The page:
It’s increasingly common for Austin mental health professionals to serve children who are struggling with the fear of being deported or having their family torn apart over an immigration issue, whether or not their family is undocumented. With almost half of Austin’s population under 18 being Hispanic, there are many families out there contemplating similar fears.
“We’ve just been seeing a lot more fear and a general sense of unpredictability, which raises everybody’s anxiety level,” said Julia Hoke, director of psychological services for the Austin Child Guidance Center, a nonprofit that served almost 3,000 children and family members with mental health services in 2017. “We want to be a counterpoint to that.”
ACGC already serves the Hispanic and Spanish-speaking populations well, with about half of its clients being Hispanic and seven of its care providers being bilingual. In fact, Hoke manages the student training at ACGC and says the pipeline for new therapists is ripe with bilingual students. But language isn’t the only barrier therapists have to overcome when providing care for Hispanic families.
Renee Hanson Malone, director of development for ACGC, said, “Having any additional communication barriers for mental health services for parents and caregivers is not ideal and can cause more miscommunication during the therapeutic process. Culture is very much a part of one’s identity and even the perception of mental health services varies from culture to culture, even within Latin America.”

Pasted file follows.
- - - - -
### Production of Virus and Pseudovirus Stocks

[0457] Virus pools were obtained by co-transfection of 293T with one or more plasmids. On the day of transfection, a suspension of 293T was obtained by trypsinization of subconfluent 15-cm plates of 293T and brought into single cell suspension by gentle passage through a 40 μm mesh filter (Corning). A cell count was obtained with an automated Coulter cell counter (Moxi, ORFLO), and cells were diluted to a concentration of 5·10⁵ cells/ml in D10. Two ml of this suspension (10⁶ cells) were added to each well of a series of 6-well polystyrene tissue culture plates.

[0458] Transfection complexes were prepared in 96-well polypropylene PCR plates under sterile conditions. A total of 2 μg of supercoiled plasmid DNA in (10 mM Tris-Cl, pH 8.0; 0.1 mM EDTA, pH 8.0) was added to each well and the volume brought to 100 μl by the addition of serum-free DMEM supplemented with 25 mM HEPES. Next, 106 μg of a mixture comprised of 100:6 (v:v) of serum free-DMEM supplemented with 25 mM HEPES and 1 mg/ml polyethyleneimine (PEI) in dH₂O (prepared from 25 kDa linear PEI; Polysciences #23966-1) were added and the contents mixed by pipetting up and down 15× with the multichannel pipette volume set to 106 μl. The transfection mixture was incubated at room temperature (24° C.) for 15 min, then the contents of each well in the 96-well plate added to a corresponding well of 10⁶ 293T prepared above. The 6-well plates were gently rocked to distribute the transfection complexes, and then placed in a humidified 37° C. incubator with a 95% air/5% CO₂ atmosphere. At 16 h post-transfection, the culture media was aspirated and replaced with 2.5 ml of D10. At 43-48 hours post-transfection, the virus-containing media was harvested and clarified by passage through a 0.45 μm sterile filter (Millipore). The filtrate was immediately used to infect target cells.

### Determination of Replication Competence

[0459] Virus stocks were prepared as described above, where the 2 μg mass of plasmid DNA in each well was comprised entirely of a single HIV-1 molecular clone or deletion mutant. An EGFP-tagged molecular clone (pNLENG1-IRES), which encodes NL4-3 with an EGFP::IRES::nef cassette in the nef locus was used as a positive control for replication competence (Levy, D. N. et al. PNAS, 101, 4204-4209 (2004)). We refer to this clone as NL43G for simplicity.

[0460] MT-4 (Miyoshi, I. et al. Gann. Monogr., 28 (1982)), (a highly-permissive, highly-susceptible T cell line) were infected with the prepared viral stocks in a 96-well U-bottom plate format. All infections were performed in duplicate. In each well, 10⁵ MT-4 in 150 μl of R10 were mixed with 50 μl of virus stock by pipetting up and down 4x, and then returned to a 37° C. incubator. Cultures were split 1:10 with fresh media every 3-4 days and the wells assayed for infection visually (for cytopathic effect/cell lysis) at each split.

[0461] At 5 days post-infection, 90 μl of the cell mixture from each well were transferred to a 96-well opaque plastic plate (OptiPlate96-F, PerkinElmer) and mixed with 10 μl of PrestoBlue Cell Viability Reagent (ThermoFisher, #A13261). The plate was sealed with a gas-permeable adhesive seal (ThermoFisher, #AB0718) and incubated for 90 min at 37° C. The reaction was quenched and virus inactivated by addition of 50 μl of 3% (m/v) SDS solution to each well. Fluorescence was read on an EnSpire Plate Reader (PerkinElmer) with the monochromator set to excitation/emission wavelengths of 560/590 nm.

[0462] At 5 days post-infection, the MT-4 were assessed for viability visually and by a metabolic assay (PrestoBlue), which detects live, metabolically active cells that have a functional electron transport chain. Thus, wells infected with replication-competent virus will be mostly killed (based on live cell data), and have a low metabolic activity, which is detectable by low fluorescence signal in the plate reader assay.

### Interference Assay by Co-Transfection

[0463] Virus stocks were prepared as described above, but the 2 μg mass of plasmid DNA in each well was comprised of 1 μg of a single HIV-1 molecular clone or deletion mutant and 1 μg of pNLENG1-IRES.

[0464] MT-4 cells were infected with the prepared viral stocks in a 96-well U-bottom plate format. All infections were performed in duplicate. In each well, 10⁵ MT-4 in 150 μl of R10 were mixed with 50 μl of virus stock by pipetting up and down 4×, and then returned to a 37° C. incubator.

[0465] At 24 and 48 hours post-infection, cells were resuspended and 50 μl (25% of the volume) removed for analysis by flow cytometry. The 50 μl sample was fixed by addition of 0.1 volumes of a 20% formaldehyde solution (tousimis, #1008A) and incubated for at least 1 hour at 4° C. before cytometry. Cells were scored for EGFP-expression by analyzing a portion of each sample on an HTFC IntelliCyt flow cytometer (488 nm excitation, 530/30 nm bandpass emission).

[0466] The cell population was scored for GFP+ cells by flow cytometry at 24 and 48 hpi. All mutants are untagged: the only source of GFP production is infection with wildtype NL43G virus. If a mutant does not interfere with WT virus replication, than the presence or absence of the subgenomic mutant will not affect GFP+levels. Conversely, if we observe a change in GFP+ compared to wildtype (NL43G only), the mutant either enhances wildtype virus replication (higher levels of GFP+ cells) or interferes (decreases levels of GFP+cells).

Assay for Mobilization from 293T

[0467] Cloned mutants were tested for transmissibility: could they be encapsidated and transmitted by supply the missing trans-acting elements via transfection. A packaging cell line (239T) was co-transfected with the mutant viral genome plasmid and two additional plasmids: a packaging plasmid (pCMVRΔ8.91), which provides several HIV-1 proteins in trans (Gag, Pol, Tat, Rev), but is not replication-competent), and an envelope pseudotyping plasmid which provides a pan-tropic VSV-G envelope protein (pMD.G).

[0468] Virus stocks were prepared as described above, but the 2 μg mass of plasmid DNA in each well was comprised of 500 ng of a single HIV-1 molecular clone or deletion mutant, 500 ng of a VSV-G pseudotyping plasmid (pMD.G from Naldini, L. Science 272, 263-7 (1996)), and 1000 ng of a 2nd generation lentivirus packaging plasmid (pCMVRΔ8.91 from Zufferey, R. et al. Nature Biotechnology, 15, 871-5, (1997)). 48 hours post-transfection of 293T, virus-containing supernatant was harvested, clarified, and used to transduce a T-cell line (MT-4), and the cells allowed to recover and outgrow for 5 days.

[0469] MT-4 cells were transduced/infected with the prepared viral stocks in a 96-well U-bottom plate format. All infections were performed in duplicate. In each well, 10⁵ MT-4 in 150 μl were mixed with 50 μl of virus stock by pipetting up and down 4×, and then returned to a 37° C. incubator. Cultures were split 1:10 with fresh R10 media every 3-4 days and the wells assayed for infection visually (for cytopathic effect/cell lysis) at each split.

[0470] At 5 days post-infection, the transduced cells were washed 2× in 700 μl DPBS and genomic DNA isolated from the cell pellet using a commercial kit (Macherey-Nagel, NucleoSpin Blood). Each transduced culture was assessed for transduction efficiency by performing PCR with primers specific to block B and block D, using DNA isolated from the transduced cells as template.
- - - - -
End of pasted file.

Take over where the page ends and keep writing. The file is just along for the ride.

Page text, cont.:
About six months ago, ACGC psychologist Jose Miranda noticed that other barriers were common with his Hispanic clients. He and his team would work with parents couldn’t read in either language, who held certain beliefs about cures, and who held onto a stigma about mental health. “I think there are some broader things all children experience,” said Miranda, “but also some specific things Spanish-speaking and Latino families need from therapy services, things that we need to be cognizant of.” That’s why he and other bilingual staff created a bilingual services task force to discuss these barriers and find or modify current treatments to address them.
Hispanic families also inquire about alternative treatments or how their faith could play a role. “I make it a practice to really talk openly about that,” said Miranda. “You have to be comfortable about being open to responding to those questions because if not, it’s going to be hard for them to open up to you.”
Aside from the cultural barriers, a major issue confronting the task force is the lack of evidence-based treatments known to address cultures with unique barriers. “Unfortunately the research has not been so culturally sensitive,” said Miranda. While evidence-based treatments might work on a general population, the field is in the early stages of studying their effectiveness on more narrow populations, adds Hoke. In the end, Malone says the task force is in line with the mission of ACGC. “It’s about lowering barriers and making all clients feel safe and accepted so they are actually able to heal and learn new tools to navigate through life’s obstacles.”